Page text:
in the Post - Roper, Graham and Miller Era
The recent landmark U.S. Supreme Court decisions in Graham, Miller and Jackson have greatly affected the sentencing of juveniles and all aspects of representing a juvenile client in adult court. In Graham v. Florida, the U.S. Supreme Court held that it is unconstitutional to impose life without parole sentences for juveniles convicted of non-homicide offenses, largely because developmental and scientific research show that juveniles possess a greater capacity for rehabilitation, change, and growth than adults, and are less culpable for their criminal conduct. In Miller v. Alabama, the Court then held that mandatory life without parole for those under the age of 18 at the time of their crime (including homicide offenses) violates the Eighth Amendment’s prohibition on “cruel and unusual punishments.”
and with support from the Foundation for Criminal Justice and the Ford Foundation presents a series of FREE webcast trainings on all aspects of these important new developments in juvenile law. The webcasts provide essential instruction for lawyers representing a juvenile at sentencing in adult court and lawyers handling the resentencing of an individual previously sentenced to juvenile life without parole. They are available online free for NACDL members and non-members as well, so please tell your colleagues!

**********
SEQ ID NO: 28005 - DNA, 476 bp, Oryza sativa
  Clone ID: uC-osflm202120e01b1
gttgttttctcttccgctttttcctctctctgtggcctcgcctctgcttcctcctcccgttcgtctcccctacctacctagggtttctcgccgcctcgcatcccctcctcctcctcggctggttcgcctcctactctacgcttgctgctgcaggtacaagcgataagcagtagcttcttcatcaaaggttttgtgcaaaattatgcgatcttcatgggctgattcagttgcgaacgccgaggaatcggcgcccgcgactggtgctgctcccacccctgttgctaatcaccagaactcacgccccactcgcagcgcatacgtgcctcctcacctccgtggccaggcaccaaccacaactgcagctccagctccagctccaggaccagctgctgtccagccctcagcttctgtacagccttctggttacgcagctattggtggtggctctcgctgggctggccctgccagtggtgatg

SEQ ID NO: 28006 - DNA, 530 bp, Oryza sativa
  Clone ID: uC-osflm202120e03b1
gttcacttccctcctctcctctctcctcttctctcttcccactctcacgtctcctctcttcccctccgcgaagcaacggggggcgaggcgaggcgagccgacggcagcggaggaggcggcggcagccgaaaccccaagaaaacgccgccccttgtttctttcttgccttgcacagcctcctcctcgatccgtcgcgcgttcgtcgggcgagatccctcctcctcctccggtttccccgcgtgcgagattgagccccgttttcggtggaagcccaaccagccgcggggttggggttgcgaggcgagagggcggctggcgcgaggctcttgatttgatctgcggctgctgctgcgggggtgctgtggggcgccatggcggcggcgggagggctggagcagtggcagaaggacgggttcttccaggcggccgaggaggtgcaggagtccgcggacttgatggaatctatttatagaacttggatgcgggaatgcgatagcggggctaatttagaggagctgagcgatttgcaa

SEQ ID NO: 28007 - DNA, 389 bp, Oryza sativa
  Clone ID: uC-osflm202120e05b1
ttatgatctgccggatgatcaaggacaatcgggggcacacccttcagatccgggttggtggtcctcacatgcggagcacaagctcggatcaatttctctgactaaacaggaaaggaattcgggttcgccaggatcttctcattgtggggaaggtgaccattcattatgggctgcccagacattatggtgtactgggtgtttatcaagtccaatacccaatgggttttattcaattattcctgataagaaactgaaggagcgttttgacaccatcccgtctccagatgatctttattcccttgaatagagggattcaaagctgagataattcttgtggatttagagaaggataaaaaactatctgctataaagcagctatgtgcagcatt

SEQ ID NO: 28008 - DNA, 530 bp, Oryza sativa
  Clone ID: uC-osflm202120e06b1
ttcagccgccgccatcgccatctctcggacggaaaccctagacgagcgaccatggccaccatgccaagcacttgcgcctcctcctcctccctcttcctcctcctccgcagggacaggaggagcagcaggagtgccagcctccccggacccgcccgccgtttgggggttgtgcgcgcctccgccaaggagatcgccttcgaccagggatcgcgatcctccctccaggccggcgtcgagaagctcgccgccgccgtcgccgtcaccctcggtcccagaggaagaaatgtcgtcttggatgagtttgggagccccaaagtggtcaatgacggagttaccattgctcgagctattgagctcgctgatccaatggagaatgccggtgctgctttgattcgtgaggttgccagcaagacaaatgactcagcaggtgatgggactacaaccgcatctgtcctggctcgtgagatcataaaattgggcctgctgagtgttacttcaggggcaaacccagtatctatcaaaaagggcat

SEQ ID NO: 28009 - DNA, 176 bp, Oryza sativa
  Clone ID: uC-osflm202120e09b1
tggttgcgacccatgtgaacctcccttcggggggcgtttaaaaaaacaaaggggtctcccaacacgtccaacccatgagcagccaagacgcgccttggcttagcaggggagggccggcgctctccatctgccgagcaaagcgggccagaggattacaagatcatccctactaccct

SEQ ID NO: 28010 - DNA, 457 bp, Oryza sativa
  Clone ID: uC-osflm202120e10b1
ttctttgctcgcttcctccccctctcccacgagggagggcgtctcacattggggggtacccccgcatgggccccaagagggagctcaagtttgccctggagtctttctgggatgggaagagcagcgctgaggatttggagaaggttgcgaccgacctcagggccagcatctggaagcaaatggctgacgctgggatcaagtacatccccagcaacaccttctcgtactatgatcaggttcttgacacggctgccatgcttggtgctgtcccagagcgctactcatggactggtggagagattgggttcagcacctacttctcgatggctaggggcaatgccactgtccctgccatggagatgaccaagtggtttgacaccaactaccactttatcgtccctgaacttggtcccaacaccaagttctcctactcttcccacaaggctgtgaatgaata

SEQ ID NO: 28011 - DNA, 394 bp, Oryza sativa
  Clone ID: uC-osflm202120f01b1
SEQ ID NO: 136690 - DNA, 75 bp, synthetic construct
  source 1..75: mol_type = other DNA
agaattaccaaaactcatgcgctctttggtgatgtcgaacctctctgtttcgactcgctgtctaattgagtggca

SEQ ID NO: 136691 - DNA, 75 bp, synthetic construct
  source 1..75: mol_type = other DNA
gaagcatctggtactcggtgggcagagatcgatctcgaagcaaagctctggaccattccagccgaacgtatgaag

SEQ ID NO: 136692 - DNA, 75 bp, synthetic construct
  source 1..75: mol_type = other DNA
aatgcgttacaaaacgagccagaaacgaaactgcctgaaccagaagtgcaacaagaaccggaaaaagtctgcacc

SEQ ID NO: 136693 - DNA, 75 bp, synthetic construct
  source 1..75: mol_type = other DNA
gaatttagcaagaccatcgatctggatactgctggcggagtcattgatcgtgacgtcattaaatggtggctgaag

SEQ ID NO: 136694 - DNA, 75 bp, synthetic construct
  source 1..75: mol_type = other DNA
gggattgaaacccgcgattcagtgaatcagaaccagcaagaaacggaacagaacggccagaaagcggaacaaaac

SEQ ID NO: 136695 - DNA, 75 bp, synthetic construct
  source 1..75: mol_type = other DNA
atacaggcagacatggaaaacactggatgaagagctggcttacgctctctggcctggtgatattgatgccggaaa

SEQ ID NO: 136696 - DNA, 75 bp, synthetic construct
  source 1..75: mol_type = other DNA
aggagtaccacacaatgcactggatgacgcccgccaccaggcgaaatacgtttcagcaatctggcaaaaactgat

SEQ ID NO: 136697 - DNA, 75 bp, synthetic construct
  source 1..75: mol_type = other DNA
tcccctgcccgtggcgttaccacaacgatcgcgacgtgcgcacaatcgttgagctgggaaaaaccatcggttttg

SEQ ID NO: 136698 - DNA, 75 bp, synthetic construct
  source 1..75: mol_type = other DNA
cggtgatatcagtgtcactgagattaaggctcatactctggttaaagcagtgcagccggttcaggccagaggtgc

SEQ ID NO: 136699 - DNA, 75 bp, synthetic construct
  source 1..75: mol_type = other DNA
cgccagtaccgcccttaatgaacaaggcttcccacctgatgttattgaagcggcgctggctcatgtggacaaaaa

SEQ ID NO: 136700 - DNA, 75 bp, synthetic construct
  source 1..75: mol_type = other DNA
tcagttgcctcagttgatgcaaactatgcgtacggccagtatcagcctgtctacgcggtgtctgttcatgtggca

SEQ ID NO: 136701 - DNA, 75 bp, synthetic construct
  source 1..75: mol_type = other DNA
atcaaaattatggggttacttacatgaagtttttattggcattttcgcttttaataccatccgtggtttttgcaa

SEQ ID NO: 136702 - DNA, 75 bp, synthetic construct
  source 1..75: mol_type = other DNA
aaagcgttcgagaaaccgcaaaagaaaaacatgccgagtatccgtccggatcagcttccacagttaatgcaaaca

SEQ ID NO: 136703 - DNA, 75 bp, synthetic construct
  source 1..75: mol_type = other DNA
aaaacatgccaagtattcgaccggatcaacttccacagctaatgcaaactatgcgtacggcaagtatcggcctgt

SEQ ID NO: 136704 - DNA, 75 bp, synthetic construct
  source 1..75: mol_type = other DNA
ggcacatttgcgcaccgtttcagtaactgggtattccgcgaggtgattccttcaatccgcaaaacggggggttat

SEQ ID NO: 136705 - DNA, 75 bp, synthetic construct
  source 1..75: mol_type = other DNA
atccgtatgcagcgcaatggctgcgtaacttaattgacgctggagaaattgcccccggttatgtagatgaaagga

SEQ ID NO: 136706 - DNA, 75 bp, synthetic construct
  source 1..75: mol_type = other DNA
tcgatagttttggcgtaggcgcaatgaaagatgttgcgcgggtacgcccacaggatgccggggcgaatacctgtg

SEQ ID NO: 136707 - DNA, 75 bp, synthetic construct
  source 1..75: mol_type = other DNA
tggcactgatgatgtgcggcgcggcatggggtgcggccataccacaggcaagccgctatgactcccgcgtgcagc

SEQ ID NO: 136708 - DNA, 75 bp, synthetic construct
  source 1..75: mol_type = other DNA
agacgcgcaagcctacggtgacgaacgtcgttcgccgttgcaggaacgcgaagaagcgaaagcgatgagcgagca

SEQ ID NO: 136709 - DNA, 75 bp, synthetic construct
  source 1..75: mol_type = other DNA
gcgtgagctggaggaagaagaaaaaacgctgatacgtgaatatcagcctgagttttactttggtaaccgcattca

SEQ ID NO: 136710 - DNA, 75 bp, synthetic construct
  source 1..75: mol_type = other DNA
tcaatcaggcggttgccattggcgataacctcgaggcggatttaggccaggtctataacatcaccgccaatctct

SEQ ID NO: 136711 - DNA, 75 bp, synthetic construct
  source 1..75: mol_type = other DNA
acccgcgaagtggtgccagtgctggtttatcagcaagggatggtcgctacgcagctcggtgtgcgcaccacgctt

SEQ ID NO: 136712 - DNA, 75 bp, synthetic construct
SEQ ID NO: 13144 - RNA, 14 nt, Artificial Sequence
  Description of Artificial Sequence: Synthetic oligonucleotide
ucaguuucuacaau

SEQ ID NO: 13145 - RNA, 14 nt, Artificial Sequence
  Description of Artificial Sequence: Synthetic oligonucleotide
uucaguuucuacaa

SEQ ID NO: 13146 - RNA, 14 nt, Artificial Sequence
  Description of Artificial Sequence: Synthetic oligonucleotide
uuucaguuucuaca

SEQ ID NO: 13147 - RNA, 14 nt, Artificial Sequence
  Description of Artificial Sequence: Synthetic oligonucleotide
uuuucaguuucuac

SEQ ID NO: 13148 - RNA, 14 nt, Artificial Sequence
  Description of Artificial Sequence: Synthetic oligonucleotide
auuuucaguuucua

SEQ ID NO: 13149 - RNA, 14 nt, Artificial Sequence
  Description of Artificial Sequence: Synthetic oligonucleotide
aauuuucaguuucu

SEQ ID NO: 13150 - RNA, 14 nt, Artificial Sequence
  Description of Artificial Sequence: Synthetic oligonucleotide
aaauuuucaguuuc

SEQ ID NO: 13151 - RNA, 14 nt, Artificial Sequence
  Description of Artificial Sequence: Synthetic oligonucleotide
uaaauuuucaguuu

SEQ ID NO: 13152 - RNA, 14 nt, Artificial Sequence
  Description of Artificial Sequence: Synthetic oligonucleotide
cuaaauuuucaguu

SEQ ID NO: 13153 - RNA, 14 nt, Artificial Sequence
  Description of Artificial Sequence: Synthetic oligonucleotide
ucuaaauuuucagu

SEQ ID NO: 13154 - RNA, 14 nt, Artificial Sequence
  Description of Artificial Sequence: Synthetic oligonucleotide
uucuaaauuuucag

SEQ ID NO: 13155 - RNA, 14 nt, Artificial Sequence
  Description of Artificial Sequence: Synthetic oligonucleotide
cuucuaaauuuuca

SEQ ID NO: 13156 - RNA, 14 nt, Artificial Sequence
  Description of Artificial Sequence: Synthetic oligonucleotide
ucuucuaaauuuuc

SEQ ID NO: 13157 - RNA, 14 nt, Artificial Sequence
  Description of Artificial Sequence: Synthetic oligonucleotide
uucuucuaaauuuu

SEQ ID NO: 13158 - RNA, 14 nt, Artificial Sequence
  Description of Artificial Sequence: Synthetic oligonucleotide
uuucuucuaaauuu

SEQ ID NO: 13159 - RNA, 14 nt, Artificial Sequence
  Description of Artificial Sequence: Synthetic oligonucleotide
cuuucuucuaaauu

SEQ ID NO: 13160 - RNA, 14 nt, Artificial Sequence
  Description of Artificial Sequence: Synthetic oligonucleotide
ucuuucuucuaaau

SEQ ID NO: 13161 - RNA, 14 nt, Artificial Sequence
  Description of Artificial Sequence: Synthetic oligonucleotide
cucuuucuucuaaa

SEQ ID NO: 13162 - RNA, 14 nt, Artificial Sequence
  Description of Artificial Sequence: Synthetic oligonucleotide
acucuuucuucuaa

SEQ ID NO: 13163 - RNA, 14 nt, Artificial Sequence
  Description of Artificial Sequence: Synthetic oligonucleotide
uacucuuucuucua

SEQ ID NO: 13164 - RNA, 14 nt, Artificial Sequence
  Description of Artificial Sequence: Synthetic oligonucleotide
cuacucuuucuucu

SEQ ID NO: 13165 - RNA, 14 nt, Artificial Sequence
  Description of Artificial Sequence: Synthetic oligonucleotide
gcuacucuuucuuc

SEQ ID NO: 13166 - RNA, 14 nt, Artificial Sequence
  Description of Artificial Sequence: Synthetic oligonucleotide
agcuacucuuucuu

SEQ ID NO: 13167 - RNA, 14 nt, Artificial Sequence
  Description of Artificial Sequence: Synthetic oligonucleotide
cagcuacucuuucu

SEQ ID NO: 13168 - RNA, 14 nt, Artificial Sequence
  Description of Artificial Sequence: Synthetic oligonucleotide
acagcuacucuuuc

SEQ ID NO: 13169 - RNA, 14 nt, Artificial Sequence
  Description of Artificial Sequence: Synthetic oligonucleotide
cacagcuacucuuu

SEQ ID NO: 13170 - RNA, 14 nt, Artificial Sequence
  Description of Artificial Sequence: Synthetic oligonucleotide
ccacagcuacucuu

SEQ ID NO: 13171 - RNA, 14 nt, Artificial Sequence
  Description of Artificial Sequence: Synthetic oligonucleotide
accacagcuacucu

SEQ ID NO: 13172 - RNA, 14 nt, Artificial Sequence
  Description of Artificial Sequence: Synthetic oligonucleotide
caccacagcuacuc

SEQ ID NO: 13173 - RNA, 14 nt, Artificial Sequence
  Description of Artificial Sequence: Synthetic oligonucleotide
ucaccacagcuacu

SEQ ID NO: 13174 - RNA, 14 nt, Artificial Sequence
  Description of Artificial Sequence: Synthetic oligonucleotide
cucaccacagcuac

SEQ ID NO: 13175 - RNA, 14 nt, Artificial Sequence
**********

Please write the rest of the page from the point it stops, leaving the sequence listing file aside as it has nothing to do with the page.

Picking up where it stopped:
Available for up to 3.5 hours of self-study credits where applicable. Contact NACDL Education Assistant Akvile Athanason for more information, (202) 465-7630.
Please visit the Faculty page for complete biographies.
9/14/12 ~ Lessons Learned from Graham v. Florida
Speakers: Stephen Harper, Carol Kolinchak, Sonya Rudenstine Moderator:Marsha Levick
9/14/12 ~ Re-sentencing Juveniles Convicted of Homicide Post-Miller
Speakers: Stephen Harper, Paul Mones
- Investigation: what type of records to seek, strategies for getting old records, prison records, witnesses to interview
- Experts: what type of expert is needed, and how to utilize them
- Advocacy: tips on the hearing itself: taking all the information gathered to create and present a narrative, including how you handle the transition difficulty of adolescents/young adults during the early years in prison (a model argument will be presented)
Resource Center Training Series
Learn more about our Resource Center Training Series